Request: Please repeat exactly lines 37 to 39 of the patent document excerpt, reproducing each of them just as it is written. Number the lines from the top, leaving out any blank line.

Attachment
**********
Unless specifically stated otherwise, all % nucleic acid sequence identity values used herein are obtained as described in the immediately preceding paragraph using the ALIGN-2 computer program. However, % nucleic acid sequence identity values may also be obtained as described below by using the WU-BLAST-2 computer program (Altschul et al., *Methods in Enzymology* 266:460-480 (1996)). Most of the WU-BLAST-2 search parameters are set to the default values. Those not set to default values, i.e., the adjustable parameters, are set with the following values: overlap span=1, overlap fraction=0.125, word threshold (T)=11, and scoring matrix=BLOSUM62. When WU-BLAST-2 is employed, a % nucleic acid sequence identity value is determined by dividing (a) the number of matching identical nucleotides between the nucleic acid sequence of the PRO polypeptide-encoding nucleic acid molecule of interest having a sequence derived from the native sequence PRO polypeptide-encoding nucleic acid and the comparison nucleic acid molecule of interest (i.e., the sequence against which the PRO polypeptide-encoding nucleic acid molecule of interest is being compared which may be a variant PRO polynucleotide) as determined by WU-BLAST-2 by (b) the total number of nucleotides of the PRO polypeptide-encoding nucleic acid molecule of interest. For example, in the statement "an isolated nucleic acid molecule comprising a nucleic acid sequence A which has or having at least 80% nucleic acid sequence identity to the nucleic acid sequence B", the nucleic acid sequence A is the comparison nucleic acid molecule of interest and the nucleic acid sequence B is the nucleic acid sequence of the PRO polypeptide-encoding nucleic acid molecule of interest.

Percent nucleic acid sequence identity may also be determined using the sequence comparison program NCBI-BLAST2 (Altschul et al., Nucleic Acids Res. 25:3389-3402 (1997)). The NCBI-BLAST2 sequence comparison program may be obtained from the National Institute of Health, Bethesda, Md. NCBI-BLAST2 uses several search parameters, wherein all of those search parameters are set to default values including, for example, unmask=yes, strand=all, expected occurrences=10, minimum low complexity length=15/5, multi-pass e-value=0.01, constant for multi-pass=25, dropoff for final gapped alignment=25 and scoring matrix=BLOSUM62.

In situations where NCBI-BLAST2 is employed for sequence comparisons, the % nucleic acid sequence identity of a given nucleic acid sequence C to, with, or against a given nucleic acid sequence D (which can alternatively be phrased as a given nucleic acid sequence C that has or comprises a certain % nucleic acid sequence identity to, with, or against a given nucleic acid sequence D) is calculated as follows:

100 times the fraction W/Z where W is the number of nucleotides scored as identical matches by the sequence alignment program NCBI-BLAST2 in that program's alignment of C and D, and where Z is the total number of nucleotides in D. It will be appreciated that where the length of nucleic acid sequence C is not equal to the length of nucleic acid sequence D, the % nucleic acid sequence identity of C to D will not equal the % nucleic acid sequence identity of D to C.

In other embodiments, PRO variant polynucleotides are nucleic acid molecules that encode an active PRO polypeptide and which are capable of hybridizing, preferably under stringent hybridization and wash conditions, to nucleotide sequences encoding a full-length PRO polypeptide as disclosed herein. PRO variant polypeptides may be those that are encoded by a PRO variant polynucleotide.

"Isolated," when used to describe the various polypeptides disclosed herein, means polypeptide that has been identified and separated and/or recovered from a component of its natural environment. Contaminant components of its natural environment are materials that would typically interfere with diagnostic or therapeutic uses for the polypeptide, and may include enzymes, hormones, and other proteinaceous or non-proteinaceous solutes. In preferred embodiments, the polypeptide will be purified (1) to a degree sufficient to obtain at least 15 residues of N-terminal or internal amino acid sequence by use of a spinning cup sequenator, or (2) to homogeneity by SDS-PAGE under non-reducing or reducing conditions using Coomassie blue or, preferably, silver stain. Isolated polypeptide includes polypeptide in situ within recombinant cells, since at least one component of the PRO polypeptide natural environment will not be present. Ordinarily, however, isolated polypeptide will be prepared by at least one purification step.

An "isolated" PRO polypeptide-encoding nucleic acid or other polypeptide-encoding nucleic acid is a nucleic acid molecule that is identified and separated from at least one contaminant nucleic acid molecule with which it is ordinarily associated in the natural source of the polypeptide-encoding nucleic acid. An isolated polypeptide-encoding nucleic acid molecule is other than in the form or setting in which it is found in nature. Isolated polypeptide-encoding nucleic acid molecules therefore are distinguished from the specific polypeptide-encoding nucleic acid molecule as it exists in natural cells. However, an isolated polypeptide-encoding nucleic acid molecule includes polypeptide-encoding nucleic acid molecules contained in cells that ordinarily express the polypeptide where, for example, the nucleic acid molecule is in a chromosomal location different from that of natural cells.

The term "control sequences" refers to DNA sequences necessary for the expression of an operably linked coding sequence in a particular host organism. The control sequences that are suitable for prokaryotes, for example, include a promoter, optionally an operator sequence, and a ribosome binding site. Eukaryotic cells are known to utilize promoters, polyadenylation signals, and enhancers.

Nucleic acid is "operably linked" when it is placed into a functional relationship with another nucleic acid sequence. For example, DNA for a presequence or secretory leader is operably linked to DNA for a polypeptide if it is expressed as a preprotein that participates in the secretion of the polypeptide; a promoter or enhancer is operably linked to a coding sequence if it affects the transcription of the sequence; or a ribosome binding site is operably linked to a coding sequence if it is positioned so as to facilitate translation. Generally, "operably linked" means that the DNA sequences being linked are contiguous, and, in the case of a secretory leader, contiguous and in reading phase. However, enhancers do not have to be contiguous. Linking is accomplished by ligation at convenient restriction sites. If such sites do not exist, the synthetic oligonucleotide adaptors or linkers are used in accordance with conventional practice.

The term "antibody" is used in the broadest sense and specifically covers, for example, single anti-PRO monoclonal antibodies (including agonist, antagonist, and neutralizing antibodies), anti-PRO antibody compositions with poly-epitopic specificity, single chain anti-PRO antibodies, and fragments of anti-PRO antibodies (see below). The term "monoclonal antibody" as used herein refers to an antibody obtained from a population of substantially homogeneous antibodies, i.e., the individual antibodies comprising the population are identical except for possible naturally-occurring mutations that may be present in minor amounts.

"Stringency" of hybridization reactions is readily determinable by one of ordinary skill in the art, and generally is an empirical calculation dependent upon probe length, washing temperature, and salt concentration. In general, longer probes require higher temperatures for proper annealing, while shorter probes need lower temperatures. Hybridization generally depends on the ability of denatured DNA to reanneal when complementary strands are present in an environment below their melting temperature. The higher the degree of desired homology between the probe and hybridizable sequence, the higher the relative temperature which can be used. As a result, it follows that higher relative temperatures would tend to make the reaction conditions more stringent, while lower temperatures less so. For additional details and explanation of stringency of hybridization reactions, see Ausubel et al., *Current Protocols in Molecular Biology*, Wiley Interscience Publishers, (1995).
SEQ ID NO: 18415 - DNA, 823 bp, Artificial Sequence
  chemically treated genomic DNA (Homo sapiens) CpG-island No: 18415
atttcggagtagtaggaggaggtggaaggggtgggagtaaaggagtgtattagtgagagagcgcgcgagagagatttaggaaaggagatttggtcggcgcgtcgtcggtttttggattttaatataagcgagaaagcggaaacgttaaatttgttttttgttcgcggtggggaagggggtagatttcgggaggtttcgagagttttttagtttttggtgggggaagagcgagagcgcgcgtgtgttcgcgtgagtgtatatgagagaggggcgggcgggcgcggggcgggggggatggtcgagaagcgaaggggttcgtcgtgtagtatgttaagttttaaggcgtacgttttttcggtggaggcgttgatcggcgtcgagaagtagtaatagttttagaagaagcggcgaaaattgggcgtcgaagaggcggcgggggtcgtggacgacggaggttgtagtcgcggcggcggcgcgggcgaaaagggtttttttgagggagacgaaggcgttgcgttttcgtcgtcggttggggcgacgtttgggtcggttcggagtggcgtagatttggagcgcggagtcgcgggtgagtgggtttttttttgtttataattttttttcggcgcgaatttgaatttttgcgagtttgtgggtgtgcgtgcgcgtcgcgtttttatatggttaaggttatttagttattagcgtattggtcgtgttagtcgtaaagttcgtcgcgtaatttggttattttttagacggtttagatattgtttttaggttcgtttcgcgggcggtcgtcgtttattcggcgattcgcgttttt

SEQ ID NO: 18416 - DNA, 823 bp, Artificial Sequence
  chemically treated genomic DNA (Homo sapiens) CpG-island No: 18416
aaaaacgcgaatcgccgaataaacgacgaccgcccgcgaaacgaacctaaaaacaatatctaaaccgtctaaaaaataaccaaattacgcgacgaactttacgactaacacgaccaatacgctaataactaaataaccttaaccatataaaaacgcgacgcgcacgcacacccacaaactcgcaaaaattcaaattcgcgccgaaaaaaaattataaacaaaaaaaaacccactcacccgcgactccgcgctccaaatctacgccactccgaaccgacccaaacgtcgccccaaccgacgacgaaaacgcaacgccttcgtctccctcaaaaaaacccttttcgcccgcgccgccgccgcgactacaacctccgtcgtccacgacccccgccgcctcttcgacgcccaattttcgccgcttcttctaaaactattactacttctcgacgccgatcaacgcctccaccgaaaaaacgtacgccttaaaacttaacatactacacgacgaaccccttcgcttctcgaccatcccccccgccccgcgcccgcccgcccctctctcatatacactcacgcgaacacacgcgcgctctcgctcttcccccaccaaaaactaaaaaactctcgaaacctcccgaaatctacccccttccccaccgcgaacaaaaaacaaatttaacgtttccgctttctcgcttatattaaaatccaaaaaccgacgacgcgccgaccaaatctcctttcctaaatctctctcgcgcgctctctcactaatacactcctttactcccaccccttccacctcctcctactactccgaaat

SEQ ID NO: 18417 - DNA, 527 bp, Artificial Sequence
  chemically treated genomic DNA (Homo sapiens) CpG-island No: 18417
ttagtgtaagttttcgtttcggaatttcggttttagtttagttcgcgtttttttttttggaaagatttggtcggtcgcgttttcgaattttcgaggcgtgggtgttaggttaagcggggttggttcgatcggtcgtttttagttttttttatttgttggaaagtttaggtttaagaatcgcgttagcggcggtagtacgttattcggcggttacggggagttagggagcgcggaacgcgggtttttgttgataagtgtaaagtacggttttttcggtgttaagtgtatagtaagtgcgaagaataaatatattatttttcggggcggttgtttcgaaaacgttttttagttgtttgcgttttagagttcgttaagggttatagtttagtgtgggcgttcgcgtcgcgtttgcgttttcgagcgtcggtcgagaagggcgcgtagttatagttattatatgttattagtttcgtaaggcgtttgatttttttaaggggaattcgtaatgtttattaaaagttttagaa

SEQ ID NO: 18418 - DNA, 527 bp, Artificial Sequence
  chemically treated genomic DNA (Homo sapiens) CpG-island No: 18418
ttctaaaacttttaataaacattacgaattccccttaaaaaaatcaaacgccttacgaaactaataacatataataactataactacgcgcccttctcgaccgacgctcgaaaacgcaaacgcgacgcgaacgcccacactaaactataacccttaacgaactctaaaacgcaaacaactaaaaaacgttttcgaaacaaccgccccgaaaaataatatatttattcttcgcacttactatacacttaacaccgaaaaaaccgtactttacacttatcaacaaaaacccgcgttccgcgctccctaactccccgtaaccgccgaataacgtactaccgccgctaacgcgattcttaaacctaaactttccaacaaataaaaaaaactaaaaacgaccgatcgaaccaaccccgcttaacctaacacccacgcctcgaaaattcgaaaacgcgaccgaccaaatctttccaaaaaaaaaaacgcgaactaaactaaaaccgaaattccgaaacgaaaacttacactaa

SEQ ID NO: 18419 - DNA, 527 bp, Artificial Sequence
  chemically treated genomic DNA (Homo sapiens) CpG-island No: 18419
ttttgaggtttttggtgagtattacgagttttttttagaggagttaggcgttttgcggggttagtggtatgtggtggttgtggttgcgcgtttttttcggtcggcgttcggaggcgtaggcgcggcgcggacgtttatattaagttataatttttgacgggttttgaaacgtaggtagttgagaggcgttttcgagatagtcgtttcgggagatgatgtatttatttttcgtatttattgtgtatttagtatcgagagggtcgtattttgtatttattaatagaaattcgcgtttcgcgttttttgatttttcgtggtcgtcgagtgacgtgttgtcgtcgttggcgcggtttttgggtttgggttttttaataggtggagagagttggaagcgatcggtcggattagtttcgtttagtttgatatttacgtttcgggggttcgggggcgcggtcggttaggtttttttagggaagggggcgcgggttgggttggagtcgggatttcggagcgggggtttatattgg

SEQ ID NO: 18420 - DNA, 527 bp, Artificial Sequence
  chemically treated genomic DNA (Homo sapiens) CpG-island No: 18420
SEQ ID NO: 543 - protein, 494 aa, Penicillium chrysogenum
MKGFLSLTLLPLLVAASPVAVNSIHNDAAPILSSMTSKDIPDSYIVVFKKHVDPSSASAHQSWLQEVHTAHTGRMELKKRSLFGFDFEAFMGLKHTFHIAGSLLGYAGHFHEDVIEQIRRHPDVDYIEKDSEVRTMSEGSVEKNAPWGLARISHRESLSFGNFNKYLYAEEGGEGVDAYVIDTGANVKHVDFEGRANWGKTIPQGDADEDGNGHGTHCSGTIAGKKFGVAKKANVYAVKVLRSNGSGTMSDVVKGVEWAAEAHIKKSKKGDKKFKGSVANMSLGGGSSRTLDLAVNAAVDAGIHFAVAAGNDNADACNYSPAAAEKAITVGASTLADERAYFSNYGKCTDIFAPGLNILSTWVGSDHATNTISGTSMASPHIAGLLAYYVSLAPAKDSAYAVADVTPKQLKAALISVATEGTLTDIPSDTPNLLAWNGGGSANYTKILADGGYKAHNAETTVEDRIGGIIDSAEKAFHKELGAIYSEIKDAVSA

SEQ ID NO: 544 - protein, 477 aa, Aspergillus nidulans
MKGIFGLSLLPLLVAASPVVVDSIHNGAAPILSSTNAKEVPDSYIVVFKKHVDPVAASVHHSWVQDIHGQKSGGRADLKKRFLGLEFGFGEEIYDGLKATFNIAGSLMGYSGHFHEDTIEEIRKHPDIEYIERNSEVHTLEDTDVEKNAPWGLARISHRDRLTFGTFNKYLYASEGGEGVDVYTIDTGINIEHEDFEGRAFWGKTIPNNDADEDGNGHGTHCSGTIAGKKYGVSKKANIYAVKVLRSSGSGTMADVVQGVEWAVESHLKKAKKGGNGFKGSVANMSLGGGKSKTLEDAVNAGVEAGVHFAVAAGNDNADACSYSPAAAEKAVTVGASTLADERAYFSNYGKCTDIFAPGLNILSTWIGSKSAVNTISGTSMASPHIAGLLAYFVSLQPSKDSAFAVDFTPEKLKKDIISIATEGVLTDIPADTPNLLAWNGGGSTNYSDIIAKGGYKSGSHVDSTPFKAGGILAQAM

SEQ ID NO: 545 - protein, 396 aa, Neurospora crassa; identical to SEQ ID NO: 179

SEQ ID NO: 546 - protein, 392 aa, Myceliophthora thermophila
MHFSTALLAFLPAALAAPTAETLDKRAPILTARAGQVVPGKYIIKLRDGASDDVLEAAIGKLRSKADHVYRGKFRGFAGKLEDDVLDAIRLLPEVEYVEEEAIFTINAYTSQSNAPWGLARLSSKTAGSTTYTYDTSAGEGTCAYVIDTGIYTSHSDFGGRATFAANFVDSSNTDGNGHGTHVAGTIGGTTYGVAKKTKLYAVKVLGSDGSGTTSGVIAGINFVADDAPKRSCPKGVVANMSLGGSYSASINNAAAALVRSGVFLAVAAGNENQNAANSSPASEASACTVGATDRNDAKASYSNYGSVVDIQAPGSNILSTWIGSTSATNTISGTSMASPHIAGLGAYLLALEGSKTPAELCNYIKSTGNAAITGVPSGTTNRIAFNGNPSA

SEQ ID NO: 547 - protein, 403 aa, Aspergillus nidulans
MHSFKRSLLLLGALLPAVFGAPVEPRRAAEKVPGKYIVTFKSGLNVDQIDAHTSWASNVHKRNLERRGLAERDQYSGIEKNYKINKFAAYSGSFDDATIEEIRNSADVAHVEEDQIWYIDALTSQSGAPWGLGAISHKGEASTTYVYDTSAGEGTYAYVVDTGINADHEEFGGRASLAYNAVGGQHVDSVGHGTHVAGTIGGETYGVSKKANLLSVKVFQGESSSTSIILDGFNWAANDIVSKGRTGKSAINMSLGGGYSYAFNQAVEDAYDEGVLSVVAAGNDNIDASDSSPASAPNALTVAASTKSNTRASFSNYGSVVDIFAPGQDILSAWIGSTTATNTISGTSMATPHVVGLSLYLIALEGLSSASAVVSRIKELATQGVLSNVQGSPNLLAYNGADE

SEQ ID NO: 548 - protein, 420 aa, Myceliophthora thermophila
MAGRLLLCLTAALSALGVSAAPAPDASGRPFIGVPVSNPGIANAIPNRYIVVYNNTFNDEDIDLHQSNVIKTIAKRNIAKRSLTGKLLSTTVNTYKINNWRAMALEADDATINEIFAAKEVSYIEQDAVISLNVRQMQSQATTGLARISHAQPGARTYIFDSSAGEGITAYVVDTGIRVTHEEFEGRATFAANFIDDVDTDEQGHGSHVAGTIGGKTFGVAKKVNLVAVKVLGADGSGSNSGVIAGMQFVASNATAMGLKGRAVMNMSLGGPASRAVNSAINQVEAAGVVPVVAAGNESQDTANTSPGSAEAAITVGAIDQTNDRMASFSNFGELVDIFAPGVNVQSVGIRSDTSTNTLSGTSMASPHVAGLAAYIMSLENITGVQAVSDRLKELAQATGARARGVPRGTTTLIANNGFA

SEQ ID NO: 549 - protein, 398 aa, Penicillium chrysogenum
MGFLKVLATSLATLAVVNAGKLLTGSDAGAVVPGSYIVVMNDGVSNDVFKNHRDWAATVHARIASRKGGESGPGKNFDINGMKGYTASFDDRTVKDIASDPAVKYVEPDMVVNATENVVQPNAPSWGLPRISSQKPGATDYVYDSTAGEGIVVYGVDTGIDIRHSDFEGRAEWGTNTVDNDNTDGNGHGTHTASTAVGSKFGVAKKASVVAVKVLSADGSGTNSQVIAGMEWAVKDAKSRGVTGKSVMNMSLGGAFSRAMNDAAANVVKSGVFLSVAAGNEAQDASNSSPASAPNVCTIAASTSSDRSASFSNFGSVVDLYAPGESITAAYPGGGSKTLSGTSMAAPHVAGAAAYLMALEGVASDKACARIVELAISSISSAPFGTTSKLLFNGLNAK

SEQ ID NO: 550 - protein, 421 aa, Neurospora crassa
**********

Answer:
MHSFKRSLLLLGALLPAVFGAPVEPRRAAEKVPGKYIVTFKSGLNVDQIDAHTSWASNVHKRNLERRGLAERDQYSGIEKNYKINKFAAYSGSFDDATIEEIRNSADVAHVEEDQIWYIDALTSQSGAPWGLGAISHKGEASTTYVYDTSAGEGTYAYVVDTGINADHEEFGGRASLAYNAVGGQHVDSVGHGTHVAGTIGGETYGVSKKANLLSVKVFQGESSSTSIILDGFNWAANDIVSKGRTGKSAINMSLGGGYSYAFNQAVEDAYDEGVLSVVAAGNDNIDASDSSPASAPNALTVAASTKSNTRASFSNYGSVVDIFAPGQDILSAWIGSTTATNTISGTSMATPHVVGLSLYLIALEGLSSASAVVSRIKELATQGVLSNVQGSPNLLAYNGADE

SEQ ID NO: 548 - protein, 420 aa, Myceliophthora thermophila
MAGRLLLCLTAALSALGVSAAPAPDASGRPFIGVPVSNPGIANAIPNRYIVVYNNTFNDEDIDLHQSNVIKTIAKRNIAKRSLTGKLLSTTVNTYKINNWRAMALEADDATINEIFAAKEVSYIEQDAVISLNVRQMQSQATTGLARISHAQPGARTYIFDSSAGEGITAYVVDTGIRVTHEEFEGRATFAANFIDDVDTDEQGHGSHVAGTIGGKTFGVAKKVNLVAVKVLGADGSGSNSGVIAGMQFVASNATAMGLKGRAVMNMSLGGPASRAVNSAINQVEAAGVVPVVAAGNESQDTANTSPGSAEAAITVGAIDQTNDRMASFSNFGELVDIFAPGVNVQSVGIRSDTSTNTLSGTSMASPHVAGLAAYIMSLENITGVQAVSDRLKELAQATGARARGVPRGTTTLIANNGFA